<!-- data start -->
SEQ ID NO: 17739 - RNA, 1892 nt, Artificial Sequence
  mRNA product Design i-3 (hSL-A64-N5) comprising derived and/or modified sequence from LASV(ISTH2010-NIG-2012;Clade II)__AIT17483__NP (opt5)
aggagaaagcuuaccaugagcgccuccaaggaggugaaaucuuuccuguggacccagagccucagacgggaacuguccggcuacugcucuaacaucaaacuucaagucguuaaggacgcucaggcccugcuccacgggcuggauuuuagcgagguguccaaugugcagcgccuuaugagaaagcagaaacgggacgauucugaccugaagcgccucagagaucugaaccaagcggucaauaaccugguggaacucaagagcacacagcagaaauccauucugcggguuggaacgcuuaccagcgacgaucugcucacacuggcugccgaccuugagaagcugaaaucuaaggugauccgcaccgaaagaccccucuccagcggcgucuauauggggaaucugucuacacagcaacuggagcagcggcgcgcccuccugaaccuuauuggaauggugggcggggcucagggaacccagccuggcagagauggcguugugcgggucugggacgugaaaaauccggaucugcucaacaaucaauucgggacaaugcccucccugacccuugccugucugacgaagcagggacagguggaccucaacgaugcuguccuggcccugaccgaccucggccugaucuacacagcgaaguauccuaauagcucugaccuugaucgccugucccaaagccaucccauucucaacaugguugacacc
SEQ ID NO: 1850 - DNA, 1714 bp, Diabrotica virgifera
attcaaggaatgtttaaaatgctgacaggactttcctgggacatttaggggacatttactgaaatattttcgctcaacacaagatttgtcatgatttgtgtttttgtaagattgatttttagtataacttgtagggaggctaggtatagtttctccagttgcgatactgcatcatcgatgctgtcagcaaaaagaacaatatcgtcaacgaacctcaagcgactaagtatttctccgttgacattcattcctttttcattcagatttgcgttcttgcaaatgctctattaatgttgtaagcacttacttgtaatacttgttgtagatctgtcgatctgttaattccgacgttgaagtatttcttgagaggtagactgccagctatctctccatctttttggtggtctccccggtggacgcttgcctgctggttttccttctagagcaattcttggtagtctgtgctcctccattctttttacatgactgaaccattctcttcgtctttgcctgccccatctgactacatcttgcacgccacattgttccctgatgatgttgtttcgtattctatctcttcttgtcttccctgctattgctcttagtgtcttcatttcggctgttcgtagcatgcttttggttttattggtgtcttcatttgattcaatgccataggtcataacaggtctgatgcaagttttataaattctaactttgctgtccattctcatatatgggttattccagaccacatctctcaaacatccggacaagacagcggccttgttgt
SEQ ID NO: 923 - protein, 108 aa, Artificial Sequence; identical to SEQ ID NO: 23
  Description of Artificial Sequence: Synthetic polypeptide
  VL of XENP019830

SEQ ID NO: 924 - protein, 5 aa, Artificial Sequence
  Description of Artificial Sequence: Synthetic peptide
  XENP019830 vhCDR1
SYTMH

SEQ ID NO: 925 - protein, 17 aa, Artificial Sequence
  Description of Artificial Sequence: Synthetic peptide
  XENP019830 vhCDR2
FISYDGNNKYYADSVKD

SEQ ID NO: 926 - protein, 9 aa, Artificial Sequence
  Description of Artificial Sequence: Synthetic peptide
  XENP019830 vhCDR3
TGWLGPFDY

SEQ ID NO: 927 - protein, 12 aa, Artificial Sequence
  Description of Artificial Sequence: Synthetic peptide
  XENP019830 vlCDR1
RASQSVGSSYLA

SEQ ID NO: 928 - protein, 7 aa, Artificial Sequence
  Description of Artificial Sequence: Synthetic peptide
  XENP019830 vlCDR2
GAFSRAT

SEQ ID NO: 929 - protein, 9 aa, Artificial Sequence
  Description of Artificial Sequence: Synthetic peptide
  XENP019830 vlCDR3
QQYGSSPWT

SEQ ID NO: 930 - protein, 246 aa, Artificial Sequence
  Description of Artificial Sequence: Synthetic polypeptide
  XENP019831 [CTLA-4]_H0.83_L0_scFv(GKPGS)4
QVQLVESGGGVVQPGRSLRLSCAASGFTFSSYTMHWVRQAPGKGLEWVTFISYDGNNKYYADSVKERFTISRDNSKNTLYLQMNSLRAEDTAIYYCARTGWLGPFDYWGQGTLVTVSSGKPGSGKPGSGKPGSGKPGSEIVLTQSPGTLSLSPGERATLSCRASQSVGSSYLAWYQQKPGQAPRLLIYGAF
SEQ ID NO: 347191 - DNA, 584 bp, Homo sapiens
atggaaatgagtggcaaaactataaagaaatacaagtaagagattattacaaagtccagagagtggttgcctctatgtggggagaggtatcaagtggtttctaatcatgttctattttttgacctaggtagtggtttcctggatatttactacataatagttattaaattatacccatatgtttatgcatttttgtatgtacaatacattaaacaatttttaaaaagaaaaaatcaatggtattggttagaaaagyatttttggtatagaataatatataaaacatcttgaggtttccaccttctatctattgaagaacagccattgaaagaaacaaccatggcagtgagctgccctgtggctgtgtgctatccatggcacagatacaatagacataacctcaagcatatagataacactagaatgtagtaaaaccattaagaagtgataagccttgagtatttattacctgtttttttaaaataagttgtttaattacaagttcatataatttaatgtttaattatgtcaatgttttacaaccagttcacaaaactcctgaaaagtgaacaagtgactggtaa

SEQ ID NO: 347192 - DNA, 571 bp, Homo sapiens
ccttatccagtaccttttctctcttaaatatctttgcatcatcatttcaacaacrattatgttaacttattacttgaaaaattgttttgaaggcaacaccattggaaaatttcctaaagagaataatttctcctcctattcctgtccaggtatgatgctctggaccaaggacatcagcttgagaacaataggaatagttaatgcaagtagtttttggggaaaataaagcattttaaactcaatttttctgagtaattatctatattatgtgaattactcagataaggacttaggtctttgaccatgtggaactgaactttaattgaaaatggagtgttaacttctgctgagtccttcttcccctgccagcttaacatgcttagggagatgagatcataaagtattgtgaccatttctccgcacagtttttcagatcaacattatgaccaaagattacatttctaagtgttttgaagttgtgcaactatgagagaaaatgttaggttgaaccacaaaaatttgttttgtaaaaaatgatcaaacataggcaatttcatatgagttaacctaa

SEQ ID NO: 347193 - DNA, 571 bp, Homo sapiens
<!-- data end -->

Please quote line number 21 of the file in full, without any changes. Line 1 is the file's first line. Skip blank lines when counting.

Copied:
SEQ ID NO: 927 - protein, 12 aa, Artificial Sequence